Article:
The Hebrew word for what we translate as "proverb" is masal (or so I am told; scholars of the Hebrew feel free to correct my limited research), and this derives from a word akin to "camparison." Concordantly and fittingly, we are presented with a bevy of "proverbs" that function as a basic compare-and-contrast object lesson in virtue and wisdom: 'The fool is thus, and the wise man is as such;' 'the good son lives by these maxims, while the bad son makes choices as follows...'
Wealth gained hastily will dwindle,There; nothing sleepy-eyed or boring about that, is there? It's a simple message, and straight to the point: "this is not a good way to grow wealthy—that is."
but whoever gathers little by little will increase it.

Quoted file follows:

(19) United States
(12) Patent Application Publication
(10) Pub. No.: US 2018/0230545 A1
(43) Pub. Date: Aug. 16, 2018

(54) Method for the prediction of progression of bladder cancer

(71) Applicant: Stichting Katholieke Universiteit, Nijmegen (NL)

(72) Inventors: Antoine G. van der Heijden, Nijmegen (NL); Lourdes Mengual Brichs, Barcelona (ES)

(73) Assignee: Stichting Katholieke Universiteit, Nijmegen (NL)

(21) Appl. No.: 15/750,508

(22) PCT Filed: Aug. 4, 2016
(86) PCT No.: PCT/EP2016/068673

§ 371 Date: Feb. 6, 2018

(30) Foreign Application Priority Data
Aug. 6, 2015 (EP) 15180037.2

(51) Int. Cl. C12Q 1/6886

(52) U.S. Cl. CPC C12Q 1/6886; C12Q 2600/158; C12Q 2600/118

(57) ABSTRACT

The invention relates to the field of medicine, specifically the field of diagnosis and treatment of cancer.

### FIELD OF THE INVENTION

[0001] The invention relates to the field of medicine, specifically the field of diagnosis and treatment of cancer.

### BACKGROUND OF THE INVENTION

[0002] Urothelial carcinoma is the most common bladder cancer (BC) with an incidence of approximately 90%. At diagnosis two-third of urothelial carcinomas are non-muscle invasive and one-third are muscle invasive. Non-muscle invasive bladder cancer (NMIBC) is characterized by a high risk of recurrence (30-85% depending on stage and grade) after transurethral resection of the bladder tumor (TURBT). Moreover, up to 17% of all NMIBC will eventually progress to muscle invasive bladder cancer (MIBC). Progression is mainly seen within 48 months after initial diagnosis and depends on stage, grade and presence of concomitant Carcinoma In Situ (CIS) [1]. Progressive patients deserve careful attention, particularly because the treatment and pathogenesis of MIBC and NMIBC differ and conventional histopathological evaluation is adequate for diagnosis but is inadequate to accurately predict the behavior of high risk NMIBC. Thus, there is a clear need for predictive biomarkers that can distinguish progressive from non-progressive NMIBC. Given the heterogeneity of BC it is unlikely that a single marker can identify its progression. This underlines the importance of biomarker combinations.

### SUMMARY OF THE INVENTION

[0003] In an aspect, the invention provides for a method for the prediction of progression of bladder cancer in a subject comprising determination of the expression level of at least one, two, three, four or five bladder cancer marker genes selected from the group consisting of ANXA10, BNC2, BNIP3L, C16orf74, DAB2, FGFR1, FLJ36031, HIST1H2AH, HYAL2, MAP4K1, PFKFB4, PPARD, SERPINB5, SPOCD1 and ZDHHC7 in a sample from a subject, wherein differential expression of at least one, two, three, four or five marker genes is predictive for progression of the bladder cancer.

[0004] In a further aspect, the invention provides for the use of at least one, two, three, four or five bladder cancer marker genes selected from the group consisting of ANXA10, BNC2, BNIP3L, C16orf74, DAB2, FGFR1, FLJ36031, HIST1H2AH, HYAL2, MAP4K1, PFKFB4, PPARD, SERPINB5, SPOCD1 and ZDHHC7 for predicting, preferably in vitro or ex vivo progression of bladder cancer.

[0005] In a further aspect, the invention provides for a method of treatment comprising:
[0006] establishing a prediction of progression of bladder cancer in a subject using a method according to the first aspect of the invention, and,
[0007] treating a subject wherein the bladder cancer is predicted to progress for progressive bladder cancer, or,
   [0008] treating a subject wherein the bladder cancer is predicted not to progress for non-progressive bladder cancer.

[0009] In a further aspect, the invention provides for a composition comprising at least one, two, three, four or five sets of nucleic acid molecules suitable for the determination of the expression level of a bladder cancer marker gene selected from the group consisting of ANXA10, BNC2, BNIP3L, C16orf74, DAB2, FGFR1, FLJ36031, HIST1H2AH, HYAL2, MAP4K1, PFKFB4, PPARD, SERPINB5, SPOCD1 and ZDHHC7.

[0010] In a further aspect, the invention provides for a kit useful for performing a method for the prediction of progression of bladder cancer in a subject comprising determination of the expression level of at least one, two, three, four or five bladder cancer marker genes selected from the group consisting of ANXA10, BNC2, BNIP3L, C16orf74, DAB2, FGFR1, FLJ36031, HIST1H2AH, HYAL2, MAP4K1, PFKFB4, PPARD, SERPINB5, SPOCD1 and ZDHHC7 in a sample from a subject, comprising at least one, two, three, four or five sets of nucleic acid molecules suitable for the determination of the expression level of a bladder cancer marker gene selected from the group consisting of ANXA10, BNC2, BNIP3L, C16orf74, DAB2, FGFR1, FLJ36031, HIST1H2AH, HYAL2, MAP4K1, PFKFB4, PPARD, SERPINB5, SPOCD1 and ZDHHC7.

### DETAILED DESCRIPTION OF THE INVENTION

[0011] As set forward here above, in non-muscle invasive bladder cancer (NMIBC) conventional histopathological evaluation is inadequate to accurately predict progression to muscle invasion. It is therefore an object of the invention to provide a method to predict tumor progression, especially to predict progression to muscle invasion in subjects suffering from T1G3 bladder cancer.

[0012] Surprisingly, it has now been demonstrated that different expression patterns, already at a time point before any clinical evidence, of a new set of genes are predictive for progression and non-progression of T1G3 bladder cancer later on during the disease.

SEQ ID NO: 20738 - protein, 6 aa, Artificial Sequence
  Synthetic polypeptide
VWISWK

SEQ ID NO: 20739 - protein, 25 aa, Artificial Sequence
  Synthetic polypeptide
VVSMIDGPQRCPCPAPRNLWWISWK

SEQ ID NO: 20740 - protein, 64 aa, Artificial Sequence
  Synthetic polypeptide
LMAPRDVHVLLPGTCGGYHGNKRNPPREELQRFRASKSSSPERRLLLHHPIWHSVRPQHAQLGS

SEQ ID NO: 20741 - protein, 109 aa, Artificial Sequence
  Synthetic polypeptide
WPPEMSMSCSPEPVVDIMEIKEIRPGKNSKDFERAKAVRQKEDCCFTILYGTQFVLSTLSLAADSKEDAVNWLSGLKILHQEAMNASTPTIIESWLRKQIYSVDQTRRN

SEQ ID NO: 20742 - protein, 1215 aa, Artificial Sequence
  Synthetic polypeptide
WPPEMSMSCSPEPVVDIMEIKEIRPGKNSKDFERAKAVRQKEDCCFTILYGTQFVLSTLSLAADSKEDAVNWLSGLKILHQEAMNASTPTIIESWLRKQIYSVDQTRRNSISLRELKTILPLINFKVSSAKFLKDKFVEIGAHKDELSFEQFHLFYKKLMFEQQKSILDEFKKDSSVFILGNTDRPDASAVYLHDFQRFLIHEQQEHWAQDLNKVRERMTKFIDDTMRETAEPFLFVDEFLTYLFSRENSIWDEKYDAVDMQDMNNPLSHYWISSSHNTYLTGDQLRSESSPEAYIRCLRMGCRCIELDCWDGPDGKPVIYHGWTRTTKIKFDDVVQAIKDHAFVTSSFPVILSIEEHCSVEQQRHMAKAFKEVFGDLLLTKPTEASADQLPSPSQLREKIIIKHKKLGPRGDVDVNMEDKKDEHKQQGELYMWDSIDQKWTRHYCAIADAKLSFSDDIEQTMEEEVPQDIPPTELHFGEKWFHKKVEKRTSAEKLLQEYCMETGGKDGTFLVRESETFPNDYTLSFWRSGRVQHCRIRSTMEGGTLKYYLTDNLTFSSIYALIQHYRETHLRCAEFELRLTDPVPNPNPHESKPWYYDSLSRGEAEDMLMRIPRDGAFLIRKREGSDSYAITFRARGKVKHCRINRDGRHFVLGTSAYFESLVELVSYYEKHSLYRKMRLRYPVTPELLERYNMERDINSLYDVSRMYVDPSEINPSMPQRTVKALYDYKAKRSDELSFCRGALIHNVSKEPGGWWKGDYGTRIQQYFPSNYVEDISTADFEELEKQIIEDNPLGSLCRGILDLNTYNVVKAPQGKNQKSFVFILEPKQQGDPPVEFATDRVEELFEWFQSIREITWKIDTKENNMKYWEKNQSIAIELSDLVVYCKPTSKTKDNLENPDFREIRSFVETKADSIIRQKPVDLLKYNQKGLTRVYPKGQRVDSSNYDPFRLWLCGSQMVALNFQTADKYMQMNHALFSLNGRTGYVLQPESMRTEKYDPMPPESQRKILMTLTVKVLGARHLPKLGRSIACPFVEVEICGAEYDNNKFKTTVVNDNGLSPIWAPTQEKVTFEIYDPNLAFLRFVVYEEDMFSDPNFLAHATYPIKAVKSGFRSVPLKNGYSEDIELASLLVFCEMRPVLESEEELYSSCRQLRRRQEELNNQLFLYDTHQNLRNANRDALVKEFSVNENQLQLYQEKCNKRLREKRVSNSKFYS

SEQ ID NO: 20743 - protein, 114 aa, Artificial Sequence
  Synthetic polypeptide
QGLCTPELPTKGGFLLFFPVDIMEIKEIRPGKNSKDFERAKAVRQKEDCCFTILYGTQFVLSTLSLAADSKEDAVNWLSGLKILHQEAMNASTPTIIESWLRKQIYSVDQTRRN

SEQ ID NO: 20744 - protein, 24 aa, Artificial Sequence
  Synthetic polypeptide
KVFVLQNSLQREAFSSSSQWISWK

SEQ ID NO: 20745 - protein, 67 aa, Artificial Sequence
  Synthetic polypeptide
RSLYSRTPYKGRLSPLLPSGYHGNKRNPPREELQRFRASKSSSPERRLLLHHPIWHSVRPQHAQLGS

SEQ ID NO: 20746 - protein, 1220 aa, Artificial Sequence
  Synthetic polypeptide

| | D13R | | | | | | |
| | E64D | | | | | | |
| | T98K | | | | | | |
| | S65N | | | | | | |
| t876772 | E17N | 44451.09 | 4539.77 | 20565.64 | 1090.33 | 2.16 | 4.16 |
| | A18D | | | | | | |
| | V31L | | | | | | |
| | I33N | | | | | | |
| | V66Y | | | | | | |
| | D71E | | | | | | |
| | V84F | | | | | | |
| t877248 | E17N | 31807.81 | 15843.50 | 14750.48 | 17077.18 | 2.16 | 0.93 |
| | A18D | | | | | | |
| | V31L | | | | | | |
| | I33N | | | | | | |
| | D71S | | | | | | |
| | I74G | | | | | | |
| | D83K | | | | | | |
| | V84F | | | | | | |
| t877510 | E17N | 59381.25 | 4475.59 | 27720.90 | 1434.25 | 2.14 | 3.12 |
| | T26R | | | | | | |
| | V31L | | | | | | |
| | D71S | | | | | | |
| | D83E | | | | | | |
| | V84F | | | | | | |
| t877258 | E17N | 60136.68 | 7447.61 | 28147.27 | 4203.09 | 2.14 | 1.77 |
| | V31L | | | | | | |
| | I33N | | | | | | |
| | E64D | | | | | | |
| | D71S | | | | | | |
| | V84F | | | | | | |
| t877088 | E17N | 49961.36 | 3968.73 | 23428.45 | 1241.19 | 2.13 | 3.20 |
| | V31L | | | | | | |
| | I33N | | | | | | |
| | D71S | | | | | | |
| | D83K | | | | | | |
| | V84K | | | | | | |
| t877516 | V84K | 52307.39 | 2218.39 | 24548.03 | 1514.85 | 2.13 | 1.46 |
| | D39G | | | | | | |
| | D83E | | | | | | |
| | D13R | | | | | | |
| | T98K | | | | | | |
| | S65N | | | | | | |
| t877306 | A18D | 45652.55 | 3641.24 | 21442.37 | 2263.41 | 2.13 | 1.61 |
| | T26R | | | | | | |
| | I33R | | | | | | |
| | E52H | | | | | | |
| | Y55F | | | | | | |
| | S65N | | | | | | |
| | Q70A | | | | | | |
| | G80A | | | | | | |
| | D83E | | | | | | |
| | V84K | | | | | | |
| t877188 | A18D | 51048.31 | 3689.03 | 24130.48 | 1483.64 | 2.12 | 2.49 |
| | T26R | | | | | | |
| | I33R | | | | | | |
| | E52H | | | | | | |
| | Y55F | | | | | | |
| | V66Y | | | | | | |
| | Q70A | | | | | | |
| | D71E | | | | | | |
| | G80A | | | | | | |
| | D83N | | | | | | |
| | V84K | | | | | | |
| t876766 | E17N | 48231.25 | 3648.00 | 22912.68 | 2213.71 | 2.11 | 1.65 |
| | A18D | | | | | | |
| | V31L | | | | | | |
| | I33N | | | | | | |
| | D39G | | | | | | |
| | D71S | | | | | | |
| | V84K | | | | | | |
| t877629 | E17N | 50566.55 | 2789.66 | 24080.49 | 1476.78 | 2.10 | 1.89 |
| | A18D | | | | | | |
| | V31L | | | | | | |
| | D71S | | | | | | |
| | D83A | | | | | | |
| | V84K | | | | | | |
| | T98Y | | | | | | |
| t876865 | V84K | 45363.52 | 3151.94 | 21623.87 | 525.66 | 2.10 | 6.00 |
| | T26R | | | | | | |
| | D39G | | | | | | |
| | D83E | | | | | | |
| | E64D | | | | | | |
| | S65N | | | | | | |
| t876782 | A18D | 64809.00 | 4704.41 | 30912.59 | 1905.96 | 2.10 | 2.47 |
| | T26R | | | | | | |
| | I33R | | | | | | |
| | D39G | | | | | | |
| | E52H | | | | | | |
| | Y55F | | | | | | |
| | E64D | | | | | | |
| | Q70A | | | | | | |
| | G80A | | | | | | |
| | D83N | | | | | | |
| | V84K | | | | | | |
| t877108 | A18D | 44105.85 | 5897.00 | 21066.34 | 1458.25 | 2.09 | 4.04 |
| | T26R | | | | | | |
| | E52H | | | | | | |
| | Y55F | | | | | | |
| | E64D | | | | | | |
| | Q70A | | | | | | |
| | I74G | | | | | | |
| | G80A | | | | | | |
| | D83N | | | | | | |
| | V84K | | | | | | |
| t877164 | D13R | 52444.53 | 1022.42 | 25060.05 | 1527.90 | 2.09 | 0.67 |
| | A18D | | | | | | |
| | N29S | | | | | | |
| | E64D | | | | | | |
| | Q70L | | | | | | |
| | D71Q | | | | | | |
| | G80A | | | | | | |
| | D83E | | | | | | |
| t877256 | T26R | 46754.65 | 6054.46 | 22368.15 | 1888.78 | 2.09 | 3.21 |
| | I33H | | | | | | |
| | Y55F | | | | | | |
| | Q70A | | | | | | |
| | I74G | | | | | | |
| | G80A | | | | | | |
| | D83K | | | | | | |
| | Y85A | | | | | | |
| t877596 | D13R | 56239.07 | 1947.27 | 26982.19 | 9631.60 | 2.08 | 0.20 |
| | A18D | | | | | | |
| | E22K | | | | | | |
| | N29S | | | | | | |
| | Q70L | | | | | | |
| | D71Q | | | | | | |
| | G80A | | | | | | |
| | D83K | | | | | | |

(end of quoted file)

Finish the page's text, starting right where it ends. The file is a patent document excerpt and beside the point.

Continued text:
Hope deferred makes the heart sick,but a desire fulfilled is a tree of life.
If you put off doing the things you hope for, you'll be hateful and bitter; a happy life comes from fulfilling your desires.Now that's a little bit easier to read as an instruction, isn't it? You could even try applying it as a maxim: "Always follow your heart's desire."
The man who has his hopes defeated will feel no pleasure, but when you get what you want you'll always see the brighter side of life.